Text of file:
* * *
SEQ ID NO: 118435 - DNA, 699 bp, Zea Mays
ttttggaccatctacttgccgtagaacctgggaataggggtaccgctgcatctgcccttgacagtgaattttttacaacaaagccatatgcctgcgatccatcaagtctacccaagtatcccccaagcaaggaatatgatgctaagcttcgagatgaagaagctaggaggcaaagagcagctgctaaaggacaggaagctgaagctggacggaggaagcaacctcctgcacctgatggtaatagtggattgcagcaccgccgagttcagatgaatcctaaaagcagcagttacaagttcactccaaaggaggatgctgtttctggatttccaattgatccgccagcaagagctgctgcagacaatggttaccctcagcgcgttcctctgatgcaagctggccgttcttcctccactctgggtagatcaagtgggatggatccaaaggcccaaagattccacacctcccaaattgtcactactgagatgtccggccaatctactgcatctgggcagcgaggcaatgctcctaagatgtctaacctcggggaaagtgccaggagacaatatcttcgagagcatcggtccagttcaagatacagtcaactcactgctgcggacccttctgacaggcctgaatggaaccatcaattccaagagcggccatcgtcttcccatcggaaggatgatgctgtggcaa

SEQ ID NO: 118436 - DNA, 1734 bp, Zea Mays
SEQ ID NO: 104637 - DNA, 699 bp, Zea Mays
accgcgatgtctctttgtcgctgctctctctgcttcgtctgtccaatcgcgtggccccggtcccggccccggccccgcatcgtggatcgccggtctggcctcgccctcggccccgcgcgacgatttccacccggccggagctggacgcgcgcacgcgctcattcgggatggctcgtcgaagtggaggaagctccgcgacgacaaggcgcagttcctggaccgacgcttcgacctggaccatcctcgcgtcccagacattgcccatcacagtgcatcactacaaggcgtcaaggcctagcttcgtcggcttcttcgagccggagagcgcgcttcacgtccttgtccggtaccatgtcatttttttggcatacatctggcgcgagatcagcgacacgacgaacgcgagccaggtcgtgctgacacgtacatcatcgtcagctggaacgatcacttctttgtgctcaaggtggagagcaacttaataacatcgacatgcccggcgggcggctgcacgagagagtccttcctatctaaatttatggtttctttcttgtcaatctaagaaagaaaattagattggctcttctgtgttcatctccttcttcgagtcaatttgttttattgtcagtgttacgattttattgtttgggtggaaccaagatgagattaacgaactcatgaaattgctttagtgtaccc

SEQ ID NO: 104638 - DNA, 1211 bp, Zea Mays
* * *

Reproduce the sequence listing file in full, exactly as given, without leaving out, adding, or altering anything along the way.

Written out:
SEQ ID NO: 118435 - DNA, 699 bp, Zea Mays
ttttggaccatctacttgccgtagaacctgggaataggggtaccgctgcatctgcccttgacagtgaattttttacaacaaagccatatgcctgcgatccatcaagtctacccaagtatcccccaagcaaggaatatgatgctaagcttcgagatgaagaagctaggaggcaaagagcagctgctaaaggacaggaagctgaagctggacggaggaagcaacctcctgcacctgatggtaatagtggattgcagcaccgccgagttcagatgaatcctaaaagcagcagttacaagttcactccaaaggaggatgctgtttctggatttccaattgatccgccagcaagagctgctgcagacaatggttaccctcagcgcgttcctctgatgcaagctggccgttcttcctccactctgggtagatcaagtgggatggatccaaaggcccaaagattccacacctcccaaattgtcactactgagatgtccggccaatctactgcatctgggcagcgaggcaatgctcctaagatgtctaacctcggggaaagtgccaggagacaatatcttcgagagcatcggtccagttcaagatacagtcaactcactgctgcggacccttctgacaggcctgaatggaaccatcaattccaagagcggccatcgtcttcccatcggaaggatgatgctgtggcaa

SEQ ID NO: 118436 - DNA, 1734 bp, Zea Mays
SEQ ID NO: 104637 - DNA, 699 bp, Zea Mays
accgcgatgtctctttgtcgctgctctctctgcttcgtctgtccaatcgcgtggccccggtcccggccccggccccgcatcgtggatcgccggtctggcctcgccctcggccccgcgcgacgatttccacccggccggagctggacgcgcgcacgcgctcattcgggatggctcgtcgaagtggaggaagctccgcgacgacaaggcgcagttcctggaccgacgcttcgacctggaccatcctcgcgtcccagacattgcccatcacagtgcatcactacaaggcgtcaaggcctagcttcgtcggcttcttcgagccggagagcgcgcttcacgtccttgtccggtaccatgtcatttttttggcatacatctggcgcgagatcagcgacacgacgaacgcgagccaggtcgtgctgacacgtacatcatcgtcagctggaacgatcacttctttgtgctcaaggtggagagcaacttaataacatcgacatgcccggcgggcggctgcacgagagagtccttcctatctaaatttatggtttctttcttgtcaatctaagaaagaaaattagattggctcttctgtgttcatctccttcttcgagtcaatttgttttattgtcagtgttacgattttattgtttgggtggaaccaagatgagattaacgaactcatgaaattgctttagtgtaccc

SEQ ID NO: 104638 - DNA, 1211 bp, Zea Mays